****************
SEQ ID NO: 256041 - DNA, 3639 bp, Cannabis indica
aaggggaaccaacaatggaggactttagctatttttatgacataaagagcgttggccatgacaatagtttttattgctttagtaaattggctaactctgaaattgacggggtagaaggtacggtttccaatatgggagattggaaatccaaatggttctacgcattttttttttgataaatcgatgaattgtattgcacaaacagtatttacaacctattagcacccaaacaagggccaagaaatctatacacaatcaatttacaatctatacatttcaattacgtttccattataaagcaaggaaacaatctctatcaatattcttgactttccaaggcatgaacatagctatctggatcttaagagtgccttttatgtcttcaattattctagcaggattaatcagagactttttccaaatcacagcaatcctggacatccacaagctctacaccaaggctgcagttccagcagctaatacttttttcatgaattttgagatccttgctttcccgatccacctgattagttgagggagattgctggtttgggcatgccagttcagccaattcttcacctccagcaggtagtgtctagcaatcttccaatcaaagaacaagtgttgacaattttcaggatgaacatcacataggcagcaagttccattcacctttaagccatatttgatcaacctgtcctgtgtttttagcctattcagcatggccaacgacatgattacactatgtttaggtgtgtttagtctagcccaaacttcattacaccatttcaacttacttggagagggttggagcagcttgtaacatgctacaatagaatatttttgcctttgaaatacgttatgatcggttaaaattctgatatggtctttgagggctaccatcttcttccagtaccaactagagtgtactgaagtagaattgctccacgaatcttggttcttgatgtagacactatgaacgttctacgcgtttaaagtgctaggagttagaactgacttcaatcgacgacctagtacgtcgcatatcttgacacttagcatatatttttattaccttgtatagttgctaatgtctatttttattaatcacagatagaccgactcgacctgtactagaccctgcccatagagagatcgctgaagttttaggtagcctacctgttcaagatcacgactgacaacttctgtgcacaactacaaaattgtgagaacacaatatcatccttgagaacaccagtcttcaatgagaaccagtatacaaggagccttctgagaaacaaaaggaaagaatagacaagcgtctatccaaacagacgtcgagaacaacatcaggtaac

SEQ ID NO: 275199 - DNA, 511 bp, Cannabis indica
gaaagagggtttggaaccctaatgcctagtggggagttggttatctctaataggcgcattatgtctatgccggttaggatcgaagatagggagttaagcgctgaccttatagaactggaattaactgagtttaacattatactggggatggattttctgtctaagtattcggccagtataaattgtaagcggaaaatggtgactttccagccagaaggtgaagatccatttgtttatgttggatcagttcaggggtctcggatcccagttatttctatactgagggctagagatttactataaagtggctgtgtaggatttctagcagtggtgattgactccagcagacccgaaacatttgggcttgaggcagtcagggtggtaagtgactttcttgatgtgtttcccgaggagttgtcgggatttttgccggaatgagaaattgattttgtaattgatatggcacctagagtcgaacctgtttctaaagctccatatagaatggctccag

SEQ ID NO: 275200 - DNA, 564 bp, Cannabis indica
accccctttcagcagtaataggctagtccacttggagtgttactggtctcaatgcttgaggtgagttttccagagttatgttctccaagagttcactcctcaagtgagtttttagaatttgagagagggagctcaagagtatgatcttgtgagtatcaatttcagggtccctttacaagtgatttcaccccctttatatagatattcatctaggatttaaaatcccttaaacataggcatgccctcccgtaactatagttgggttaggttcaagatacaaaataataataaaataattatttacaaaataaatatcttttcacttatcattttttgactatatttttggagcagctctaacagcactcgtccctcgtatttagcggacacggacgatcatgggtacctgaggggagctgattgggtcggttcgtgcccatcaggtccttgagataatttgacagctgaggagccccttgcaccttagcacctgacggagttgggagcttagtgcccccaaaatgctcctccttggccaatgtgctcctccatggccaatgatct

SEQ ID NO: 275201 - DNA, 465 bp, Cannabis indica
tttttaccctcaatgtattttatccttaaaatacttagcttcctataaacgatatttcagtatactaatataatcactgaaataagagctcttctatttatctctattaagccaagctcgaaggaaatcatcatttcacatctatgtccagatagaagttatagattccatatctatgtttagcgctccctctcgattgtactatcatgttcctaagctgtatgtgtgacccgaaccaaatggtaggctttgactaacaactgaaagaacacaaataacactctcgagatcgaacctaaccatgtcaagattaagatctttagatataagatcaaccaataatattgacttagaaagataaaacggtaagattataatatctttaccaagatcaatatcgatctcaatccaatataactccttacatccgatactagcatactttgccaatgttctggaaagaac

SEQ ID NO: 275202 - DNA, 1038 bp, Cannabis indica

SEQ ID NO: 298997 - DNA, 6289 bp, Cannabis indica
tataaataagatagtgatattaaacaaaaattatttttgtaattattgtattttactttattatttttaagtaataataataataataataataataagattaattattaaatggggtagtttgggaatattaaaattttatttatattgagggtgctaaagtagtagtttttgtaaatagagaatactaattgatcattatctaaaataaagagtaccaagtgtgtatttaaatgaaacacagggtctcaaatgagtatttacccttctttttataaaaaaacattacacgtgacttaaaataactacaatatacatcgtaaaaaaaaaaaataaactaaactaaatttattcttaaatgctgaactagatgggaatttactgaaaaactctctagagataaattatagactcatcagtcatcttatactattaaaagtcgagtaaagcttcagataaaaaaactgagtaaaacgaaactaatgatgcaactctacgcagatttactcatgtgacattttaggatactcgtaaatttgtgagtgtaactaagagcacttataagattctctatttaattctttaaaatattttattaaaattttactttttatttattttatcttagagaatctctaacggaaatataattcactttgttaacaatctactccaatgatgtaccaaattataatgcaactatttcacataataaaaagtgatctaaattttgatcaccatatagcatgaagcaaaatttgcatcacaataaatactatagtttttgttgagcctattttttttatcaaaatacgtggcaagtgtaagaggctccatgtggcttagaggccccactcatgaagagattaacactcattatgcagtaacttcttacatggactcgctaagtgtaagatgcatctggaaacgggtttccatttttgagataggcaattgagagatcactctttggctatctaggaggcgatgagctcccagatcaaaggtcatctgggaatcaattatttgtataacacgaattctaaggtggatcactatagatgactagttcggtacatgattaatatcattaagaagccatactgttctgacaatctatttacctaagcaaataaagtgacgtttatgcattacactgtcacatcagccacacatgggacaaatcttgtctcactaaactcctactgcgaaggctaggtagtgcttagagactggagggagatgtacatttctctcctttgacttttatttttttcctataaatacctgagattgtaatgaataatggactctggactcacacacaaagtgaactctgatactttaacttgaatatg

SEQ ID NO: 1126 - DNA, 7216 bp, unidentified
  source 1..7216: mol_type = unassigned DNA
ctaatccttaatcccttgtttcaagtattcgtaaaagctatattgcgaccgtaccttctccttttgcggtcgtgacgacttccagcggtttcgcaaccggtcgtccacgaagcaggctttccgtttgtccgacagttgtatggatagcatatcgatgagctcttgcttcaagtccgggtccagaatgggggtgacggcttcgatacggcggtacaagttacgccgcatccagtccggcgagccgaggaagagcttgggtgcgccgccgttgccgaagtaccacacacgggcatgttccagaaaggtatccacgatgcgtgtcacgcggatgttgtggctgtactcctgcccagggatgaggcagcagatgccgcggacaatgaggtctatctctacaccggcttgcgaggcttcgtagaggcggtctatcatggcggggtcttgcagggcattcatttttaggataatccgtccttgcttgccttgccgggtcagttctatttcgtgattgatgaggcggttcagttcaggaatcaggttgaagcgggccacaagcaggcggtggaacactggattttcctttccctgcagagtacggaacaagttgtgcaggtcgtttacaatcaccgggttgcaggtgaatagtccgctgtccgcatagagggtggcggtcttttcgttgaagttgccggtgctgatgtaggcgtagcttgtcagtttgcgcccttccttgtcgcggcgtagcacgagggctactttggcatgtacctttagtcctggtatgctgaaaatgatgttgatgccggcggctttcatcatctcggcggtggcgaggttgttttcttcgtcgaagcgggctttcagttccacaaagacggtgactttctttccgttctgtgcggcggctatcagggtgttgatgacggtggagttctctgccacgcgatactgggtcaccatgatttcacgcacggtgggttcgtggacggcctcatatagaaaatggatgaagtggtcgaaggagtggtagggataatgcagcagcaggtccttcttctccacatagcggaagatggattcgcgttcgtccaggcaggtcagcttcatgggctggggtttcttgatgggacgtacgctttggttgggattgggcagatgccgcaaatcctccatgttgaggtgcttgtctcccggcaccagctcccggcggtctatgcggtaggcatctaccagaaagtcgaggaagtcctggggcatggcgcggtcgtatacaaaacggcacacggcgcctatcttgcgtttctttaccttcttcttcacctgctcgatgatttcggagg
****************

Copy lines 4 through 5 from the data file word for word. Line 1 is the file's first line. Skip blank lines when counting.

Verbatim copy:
gaaagagggtttggaaccctaatgcctagtggggagttggttatctctaataggcgcattatgtctatgccggttaggatcgaagatagggagttaagcgctgaccttatagaactggaattaactgagtttaacattatactggggatggattttctgtctaagtattcggccagtataaattgtaagcggaaaatggtgactttccagccagaaggtgaagatccatttgtttatgttggatcagttcaggggtctcggatcccagttatttctatactgagggctagagatttactataaagtggctgtgtaggatttctagcagtggtgattgactccagcagacccgaaacatttgggcttgaggcagtcagggtggtaagtgactttcttgatgtgtttcccgaggagttgtcgggatttttgccggaatgagaaattgattttgtaattgatatggcacctagagtcgaacctgtttctaaagctccatatagaatggctccag

SEQ ID NO: 275200 - DNA, 564 bp, Cannabis indica